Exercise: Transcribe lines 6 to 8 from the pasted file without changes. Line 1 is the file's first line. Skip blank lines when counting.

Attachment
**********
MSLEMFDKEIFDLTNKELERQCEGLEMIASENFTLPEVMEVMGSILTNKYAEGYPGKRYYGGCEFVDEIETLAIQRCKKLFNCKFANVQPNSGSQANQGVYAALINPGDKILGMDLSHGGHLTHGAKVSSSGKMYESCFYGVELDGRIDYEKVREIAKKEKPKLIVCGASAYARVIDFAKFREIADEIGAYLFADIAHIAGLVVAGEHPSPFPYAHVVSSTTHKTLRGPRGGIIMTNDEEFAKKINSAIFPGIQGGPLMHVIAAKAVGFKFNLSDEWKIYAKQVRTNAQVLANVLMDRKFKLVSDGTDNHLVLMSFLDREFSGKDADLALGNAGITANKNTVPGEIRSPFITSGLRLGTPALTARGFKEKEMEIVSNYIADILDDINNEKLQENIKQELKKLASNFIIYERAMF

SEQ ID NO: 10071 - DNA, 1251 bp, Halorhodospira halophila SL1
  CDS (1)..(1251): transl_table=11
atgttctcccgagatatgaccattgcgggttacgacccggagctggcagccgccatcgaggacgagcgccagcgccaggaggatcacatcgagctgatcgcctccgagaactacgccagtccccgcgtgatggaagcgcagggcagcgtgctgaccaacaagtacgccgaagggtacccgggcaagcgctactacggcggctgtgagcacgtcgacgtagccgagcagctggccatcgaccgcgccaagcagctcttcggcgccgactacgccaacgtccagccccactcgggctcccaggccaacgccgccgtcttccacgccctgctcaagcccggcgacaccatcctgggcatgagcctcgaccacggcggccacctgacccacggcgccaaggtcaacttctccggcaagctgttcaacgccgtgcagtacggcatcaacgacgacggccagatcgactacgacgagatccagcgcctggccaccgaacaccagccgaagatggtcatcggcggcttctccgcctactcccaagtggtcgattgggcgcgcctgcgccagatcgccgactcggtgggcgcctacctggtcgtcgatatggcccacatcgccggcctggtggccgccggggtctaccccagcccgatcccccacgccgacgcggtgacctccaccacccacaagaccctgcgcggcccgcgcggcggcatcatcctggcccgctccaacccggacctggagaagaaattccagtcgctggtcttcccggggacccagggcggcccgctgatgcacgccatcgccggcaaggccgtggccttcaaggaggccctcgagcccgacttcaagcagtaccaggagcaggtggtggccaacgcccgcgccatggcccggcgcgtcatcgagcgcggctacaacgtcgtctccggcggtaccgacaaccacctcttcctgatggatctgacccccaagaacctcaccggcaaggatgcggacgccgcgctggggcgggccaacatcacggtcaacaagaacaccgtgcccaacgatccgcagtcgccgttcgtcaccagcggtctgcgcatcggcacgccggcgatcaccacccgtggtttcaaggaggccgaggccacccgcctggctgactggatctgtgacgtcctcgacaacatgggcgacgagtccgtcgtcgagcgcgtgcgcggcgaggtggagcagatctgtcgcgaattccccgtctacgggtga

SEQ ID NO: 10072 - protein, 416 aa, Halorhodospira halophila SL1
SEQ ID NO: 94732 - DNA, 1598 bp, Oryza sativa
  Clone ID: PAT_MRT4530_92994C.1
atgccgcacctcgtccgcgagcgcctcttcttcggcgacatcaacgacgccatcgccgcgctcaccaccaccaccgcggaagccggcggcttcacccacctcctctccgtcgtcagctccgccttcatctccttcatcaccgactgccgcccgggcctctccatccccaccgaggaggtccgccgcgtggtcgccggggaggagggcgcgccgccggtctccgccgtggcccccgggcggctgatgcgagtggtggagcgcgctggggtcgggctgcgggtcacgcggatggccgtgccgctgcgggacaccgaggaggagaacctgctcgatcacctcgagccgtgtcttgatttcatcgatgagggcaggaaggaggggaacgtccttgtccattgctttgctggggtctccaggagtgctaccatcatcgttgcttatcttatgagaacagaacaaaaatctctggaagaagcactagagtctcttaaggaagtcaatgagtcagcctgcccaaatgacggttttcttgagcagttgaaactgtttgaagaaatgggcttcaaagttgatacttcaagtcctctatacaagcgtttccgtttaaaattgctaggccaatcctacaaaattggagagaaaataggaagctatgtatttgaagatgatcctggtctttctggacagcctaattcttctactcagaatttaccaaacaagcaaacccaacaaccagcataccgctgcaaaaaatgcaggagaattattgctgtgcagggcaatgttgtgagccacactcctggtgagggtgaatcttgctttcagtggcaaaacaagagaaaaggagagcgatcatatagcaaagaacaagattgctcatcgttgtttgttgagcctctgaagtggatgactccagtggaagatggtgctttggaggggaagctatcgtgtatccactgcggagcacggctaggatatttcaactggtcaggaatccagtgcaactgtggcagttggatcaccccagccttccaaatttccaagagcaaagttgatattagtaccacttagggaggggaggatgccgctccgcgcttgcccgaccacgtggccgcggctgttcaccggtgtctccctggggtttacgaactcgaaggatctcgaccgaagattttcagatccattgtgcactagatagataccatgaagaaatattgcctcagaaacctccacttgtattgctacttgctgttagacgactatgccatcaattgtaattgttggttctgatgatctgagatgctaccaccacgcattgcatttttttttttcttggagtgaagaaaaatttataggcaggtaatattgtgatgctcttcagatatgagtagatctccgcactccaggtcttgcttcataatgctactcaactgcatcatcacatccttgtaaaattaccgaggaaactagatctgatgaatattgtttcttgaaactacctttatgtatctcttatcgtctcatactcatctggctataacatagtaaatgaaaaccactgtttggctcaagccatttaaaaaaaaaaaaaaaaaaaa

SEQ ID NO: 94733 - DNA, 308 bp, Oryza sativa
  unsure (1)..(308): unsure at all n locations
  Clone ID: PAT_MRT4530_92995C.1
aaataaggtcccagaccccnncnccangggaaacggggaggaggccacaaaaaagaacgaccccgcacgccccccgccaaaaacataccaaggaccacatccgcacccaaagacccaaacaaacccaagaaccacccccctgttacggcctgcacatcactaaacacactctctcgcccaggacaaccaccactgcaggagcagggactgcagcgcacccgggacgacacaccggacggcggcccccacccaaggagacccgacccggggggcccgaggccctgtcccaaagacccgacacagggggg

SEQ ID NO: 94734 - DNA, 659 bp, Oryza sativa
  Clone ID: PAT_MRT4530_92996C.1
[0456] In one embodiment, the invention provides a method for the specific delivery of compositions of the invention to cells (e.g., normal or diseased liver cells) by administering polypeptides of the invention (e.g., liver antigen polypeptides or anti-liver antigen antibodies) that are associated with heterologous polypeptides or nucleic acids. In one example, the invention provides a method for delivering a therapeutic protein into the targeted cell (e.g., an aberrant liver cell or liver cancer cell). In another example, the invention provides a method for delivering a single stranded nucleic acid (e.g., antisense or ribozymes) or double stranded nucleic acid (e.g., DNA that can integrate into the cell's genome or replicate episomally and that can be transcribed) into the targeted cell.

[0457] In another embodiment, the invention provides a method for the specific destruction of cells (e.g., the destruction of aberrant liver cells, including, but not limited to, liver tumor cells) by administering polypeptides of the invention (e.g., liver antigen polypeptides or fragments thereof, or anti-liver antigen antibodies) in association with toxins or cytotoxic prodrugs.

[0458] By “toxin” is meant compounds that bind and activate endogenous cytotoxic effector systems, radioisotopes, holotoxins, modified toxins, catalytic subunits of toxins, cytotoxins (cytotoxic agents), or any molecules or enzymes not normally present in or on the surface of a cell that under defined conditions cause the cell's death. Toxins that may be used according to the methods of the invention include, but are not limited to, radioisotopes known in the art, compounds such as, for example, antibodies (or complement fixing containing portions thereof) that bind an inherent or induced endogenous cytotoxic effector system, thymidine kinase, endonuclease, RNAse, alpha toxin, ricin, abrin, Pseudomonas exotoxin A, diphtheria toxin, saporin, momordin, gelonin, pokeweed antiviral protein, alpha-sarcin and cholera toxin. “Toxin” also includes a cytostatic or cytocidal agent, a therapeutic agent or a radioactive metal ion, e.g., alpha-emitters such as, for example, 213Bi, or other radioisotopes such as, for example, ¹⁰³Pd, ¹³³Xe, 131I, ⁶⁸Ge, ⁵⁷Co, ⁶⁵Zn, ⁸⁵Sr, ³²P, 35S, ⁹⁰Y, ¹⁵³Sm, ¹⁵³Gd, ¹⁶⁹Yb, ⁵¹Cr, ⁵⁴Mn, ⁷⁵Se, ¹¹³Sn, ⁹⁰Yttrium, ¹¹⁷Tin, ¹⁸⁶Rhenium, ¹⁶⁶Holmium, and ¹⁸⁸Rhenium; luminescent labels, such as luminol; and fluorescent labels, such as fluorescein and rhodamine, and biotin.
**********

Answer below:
SEQ ID NO: 94732 - DNA, 1598 bp, Oryza sativa
  Clone ID: PAT_MRT4530_92994C.1
atgccgcacctcgtccgcgagcgcctcttcttcggcgacatcaacgacgccatcgccgcgctcaccaccaccaccgcggaagccggcggcttcacccacctcctctccgtcgtcagctccgccttcatctccttcatcaccgactgccgcccgggcctctccatccccaccgaggaggtccgccgcgtggtcgccggggaggagggcgcgccgccggtctccgccgtggcccccgggcggctgatgcgagtggtggagcgcgctggggtcgggctgcgggtcacgcggatggccgtgccgctgcgggacaccgaggaggagaacctgctcgatcacctcgagccgtgtcttgatttcatcgatgagggcaggaaggaggggaacgtccttgtccattgctttgctggggtctccaggagtgctaccatcatcgttgcttatcttatgagaacagaacaaaaatctctggaagaagcactagagtctcttaaggaagtcaatgagtcagcctgcccaaatgacggttttcttgagcagttgaaactgtttgaagaaatgggcttcaaagttgatacttcaagtcctctatacaagcgtttccgtttaaaattgctaggccaatcctacaaaattggagagaaaataggaagctatgtatttgaagatgatcctggtctttctggacagcctaattcttctactcagaatttaccaaacaagcaaacccaacaaccagcataccgctgcaaaaaatgcaggagaattattgctgtgcagggcaatgttgtgagccacactcctggtgagggtgaatcttgctttcagtggcaaaacaagagaaaaggagagcgatcatatagcaaagaacaagattgctcatcgttgtttgttgagcctctgaagtggatgactccagtggaagatggtgctttggaggggaagctatcgtgtatccactgcggagcacggctaggatatttcaactggtcaggaatccagtgcaactgtggcagttggatcaccccagccttccaaatttccaagagcaaagttgatattagtaccacttagggaggggaggatgccgctccgcgcttgcccgaccacgtggccgcggctgttcaccggtgtctccctggggtttacgaactcgaaggatctcgaccgaagattttcagatccattgtgcactagatagataccatgaagaaatattgcctcagaaacctccacttgtattgctacttgctgttagacgactatgccatcaattgtaattgttggttctgatgatctgagatgctaccaccacgcattgcatttttttttttcttggagtgaagaaaaatttataggcaggtaatattgtgatgctcttcagatatgagtagatctccgcactccaggtcttgcttcataatgctactcaactgcatcatcacatccttgtaaaattaccgaggaaactagatctgatgaatattgtttcttgaaactacctttatgtatctcttatcgtctcatactcatctggctataacatagtaaatgaaaaccactgtttggctcaagccatttaaaaaaaaaaaaaaaaaaaa